Thanks for checking back into my Studio Sessions and sharing a behind the scenes look into my art making process.
First I want recap a little bit about the Phantom Gallery Party. It was a huge success I think for most if not all people who participated and attended. I'm very happy and honored that I was part of the prototype/initial run of this event for Create Portage County. By the end of the night I believe I sold around 12 or 13 pieces. The amount of positive responses I received from guests was incredible. Being able to share my art with an audience is the one of the best, if not the best, parts of creating art in the first place.
(Photo courtesy of Greg Wright)
For those that weren't able to attend the show, here is what most of my display looked like. I should've taken the time properly document my part of the show, but of course things come up and I forgot. Brought the camera, just didn't plan enough time to take the photos. That's okay, I think there will be at least one film made of the reception that I believe Create Portage County will release.
There were a few pieces that I was excited and anxious to exhibit for their first time. It's always a weird feeling taking a piece of art that has been in the studio for months before releasing it to a group of new viewers.
A close friend and UWSP student mentioned how important it is to see my paintings in person. She said that photos don't compare or do them justice. I agree on this with all artwork I think that its hard to fully appreciate the artist's work unless you are their in person reacting to it in the same space. Things like proportion and scale to the viewer are never fully experienced through a cell phone or computer screen. Which is why I've been reminded how important it is to visit museums and immerse ourselves in culture, in person. Otherwise you are doing both the artist and yourself an injustice to the experience of interacting with art.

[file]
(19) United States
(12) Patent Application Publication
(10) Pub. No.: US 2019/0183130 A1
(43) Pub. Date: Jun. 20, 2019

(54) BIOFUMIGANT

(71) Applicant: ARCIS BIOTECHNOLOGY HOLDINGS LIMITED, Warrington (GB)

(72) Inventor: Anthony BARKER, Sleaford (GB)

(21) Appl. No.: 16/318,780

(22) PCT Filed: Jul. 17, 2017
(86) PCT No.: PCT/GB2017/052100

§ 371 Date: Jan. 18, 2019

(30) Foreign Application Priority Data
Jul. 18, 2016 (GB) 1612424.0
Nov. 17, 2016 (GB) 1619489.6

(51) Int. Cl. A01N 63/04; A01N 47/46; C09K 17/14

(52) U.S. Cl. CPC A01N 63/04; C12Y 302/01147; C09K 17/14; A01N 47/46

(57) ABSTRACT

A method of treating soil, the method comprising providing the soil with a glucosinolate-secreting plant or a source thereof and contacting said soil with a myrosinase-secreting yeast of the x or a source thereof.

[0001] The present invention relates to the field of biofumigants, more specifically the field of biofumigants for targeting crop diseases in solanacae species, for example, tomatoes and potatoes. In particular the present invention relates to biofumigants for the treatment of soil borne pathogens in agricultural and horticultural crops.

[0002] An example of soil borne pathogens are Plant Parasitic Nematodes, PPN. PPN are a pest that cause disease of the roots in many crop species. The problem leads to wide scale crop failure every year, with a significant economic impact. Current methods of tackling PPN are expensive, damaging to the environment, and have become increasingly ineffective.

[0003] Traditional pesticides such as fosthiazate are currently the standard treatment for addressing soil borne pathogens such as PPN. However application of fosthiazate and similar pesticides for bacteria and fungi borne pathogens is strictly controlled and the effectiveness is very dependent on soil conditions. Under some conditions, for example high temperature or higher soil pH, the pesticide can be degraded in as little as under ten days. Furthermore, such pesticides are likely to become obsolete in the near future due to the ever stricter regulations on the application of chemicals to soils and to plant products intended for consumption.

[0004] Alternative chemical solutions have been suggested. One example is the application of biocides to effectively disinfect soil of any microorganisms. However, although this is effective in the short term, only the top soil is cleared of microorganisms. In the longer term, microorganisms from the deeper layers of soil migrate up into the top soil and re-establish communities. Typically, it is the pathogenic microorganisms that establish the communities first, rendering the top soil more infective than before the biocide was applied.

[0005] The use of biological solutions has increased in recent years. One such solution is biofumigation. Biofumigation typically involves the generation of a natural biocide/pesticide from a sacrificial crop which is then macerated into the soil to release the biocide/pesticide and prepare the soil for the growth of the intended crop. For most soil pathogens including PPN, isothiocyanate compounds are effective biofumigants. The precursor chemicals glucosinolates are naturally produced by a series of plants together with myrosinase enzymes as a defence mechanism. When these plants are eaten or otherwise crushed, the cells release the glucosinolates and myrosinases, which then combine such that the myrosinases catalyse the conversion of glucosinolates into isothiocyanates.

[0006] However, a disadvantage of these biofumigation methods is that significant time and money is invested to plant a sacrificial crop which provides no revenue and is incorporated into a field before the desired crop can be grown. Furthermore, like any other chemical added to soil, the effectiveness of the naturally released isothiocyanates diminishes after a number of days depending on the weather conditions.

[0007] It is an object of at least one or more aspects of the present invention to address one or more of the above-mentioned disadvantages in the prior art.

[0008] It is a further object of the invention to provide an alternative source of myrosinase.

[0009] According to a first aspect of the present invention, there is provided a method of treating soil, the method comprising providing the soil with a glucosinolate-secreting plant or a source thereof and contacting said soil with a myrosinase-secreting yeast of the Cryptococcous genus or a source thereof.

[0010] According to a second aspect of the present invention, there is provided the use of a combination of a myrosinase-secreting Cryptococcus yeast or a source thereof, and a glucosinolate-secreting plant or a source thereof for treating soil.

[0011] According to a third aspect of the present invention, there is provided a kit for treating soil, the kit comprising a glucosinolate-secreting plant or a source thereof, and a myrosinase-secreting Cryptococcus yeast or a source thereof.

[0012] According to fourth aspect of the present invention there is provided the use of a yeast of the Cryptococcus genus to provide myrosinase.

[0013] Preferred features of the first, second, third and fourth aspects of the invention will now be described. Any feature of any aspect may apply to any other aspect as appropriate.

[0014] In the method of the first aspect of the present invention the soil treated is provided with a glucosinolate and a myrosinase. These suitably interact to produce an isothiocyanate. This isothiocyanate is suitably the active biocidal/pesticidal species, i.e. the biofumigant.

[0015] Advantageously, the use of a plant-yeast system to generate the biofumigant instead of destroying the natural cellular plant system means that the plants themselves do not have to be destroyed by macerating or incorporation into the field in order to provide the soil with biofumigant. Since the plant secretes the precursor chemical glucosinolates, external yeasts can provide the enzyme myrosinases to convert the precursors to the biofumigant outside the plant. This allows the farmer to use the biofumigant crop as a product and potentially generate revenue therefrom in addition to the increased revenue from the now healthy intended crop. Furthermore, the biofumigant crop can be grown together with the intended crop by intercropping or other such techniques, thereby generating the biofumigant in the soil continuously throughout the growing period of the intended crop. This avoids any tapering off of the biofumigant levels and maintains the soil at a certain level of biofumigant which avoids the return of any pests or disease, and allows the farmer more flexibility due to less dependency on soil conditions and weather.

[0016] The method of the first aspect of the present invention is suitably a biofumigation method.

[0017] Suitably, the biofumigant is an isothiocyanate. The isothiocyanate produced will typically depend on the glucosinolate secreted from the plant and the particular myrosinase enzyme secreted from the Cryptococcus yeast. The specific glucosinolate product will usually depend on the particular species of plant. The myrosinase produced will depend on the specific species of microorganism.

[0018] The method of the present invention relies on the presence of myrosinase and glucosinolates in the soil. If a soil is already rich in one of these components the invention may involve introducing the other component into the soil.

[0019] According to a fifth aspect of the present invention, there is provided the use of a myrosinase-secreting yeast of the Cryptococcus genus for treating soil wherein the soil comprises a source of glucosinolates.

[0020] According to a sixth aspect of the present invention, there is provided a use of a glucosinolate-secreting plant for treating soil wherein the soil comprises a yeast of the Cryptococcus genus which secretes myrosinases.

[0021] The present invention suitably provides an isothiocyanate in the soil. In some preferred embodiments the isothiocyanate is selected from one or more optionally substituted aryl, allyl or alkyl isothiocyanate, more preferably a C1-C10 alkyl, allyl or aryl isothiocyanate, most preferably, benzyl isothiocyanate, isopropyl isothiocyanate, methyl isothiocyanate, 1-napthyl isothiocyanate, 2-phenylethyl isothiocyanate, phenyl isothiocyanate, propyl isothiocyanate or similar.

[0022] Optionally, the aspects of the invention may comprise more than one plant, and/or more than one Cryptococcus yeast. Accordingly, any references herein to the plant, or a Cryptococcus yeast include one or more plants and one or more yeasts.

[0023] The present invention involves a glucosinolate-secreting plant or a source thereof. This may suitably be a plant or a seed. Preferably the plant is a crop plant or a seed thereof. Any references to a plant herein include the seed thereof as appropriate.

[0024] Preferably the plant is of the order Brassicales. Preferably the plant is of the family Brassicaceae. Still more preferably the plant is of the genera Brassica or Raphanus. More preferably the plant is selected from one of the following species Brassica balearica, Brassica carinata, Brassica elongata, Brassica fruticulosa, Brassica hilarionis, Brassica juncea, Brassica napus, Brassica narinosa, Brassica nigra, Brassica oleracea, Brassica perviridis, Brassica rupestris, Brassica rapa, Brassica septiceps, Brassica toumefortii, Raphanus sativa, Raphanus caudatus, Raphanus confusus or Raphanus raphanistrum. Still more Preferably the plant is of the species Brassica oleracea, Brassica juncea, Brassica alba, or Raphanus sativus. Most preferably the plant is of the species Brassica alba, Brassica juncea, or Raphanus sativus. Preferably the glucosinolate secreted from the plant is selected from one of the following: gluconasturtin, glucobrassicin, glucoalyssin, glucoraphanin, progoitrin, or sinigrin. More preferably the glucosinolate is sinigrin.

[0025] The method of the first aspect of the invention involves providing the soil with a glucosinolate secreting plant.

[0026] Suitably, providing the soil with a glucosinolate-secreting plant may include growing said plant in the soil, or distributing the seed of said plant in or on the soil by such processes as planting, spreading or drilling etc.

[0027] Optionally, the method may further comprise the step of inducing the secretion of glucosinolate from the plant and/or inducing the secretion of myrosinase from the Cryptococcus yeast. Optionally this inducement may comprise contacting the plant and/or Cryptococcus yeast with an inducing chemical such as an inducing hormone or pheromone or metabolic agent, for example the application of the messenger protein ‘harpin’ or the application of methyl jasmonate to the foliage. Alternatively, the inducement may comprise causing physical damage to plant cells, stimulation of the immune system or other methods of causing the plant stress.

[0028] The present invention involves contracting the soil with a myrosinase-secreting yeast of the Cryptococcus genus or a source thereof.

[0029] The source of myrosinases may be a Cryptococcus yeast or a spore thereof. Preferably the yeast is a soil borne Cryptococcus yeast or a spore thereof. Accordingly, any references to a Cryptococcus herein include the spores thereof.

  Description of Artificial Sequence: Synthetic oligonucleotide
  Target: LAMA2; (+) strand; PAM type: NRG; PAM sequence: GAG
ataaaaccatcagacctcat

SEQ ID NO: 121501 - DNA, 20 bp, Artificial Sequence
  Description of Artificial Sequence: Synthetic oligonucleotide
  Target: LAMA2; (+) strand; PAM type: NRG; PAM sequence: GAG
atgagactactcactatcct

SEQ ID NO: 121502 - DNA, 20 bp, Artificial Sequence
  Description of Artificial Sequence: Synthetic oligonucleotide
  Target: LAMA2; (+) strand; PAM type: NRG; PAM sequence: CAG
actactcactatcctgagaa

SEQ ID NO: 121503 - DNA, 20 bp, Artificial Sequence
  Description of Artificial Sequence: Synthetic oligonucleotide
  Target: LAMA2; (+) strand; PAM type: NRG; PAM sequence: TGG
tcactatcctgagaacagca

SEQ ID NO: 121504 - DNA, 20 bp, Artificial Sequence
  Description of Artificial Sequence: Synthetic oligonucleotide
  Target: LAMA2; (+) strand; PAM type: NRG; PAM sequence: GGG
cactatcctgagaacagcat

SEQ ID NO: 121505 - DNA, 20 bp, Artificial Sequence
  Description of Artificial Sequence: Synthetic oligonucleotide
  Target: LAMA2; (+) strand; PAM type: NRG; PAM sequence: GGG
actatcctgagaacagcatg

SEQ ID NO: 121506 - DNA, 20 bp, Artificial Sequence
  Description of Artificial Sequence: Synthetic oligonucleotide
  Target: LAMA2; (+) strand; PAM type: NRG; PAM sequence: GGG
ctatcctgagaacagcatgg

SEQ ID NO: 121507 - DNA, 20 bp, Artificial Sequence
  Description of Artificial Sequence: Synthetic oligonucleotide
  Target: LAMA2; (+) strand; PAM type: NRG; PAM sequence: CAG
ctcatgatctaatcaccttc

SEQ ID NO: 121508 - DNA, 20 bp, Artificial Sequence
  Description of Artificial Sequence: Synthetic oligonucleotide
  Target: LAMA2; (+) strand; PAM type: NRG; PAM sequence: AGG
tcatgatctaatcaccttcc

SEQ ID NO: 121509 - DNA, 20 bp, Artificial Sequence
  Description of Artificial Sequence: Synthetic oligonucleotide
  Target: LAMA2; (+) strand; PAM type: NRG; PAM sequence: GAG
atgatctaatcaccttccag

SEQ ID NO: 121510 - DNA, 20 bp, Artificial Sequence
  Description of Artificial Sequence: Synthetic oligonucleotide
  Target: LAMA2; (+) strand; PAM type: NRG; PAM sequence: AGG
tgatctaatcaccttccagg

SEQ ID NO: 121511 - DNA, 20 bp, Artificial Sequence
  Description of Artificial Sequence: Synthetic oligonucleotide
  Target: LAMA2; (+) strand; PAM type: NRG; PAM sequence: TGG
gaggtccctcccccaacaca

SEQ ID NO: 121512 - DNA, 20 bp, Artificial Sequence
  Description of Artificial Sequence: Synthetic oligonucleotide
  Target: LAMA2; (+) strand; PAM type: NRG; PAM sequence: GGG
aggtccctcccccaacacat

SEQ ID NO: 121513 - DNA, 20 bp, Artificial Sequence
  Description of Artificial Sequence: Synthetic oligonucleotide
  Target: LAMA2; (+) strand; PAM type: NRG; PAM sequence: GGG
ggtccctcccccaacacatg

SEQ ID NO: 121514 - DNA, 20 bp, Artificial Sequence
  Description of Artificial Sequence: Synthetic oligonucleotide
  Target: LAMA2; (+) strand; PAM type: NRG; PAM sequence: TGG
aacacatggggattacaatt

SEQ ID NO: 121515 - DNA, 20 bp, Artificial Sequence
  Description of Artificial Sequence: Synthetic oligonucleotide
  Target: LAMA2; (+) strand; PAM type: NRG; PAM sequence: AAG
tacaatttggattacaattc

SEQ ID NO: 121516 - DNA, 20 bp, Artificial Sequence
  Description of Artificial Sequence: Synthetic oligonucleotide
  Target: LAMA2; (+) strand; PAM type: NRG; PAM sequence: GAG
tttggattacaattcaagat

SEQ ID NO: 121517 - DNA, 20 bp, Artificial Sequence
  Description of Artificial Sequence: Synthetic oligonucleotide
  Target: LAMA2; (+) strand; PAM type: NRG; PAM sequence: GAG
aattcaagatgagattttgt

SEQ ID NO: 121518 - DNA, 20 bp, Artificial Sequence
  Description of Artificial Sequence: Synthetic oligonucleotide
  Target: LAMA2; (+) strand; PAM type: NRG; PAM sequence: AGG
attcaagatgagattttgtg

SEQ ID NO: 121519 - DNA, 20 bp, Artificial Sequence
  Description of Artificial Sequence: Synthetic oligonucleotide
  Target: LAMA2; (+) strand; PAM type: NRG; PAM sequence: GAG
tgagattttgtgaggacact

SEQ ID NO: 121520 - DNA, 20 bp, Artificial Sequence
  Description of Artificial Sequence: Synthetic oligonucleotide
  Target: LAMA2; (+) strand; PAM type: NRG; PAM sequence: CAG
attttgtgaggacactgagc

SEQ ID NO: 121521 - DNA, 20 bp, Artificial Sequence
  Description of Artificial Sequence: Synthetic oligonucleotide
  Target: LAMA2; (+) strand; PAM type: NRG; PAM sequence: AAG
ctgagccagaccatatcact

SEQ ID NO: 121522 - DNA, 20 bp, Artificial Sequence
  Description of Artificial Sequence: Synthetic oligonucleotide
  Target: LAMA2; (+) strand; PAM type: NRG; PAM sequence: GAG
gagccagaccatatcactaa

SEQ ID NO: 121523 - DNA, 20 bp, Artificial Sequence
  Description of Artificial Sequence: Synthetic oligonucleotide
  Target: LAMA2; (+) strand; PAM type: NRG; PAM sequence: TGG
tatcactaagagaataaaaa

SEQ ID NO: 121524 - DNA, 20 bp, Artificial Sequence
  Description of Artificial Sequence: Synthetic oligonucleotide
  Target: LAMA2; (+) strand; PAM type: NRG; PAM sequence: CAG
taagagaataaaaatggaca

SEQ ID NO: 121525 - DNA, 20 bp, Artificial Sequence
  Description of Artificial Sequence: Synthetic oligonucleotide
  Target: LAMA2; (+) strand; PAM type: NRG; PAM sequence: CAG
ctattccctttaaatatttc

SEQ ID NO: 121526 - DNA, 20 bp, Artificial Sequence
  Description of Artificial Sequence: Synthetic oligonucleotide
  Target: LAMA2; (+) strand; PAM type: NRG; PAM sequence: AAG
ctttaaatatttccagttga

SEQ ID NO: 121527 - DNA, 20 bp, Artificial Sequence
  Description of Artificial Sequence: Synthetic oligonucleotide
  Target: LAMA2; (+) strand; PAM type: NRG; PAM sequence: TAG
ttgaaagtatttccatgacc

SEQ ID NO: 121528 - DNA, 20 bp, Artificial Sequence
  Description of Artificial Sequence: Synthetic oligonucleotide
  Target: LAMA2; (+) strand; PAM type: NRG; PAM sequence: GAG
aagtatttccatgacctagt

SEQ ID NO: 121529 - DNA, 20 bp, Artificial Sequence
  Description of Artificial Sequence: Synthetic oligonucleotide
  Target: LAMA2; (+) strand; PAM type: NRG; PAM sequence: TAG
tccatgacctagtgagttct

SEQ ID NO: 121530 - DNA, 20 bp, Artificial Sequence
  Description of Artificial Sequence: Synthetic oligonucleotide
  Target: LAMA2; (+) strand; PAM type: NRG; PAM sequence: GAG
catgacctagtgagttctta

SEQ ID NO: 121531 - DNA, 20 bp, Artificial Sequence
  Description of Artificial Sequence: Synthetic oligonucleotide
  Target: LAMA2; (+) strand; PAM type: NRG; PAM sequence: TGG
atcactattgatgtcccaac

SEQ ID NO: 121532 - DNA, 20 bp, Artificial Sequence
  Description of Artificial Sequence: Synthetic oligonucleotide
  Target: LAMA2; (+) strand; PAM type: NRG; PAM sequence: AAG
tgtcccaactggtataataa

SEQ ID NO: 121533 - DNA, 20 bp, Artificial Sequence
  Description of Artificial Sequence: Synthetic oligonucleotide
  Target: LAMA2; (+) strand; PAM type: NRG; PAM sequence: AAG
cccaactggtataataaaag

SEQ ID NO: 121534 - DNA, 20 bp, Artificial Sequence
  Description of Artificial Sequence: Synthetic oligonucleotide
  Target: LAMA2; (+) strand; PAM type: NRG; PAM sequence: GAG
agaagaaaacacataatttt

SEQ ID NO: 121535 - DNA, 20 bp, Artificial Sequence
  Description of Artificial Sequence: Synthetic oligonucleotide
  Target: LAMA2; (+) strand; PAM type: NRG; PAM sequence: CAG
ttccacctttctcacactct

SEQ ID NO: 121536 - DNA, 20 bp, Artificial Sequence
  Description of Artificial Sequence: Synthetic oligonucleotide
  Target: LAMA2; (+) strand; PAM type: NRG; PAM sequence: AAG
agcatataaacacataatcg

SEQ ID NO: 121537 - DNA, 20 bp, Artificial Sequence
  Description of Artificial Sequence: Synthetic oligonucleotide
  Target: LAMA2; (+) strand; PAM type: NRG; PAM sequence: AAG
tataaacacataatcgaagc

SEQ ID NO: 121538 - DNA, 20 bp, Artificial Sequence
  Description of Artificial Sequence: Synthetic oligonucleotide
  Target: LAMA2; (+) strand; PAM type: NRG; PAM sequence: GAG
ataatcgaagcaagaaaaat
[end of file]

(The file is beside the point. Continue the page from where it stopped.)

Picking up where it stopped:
Ok, now that my preach session is over. I have a few announcements to share. One, I will be showing and selling artwork at a booth in the Marshfield Art Fair on Mother's Day May 8th. The day before is a reception for the opening of a new Cultural Art Center in Neillsville, WI. It's such a blessing to have two very close weekends of nonstop art!!
This past Saturday I went with a few friends to see another pop-up show in Stevens Point. It was the work of Zachary Baldus. Zachary has been a professional Illustrator since 1998. He lives in Wild Rose, WI and has done a variety of illustration jobs including a set of skateboard graphics for both Baker Skateboards and Deathwish Skateboards! After his show I had a chance to talk to him more in depth about his career and his artwork. It's amazing how close we can be to such similar people without even knowing it.
Below is a quick picture I was able to snap of Zachary's boards he designed. My twelve year old self was beyond impressed to meet and talk to this guy. I remember making up companies with logos in middle school on my notebooks and brown paper bag book covers wishing that I would design a skateboard deck someday.
Definitely go check out Zachary's artwork here: zacharybaldus.com
Also, I would be sure to follow his new work on Instagram here:
To cap off the weekend I also attended the first BFA senior exhibition in the Edna Carlsten Gallery. I was very impressed with the work and the setup of the show. I hope that each artist in that show is relieved and proud of what they displayed. I can't wait to see the rest of the senior shows, sadly I will have to miss the next reception on the 8th because of the Marshfield Fair. But I don't plan to miss catching the show before then! I would advise you too as well!!
All in all, I had a great weekend and it was even better because I spent it with such beautiful friends and family!
Thanks for stopping by!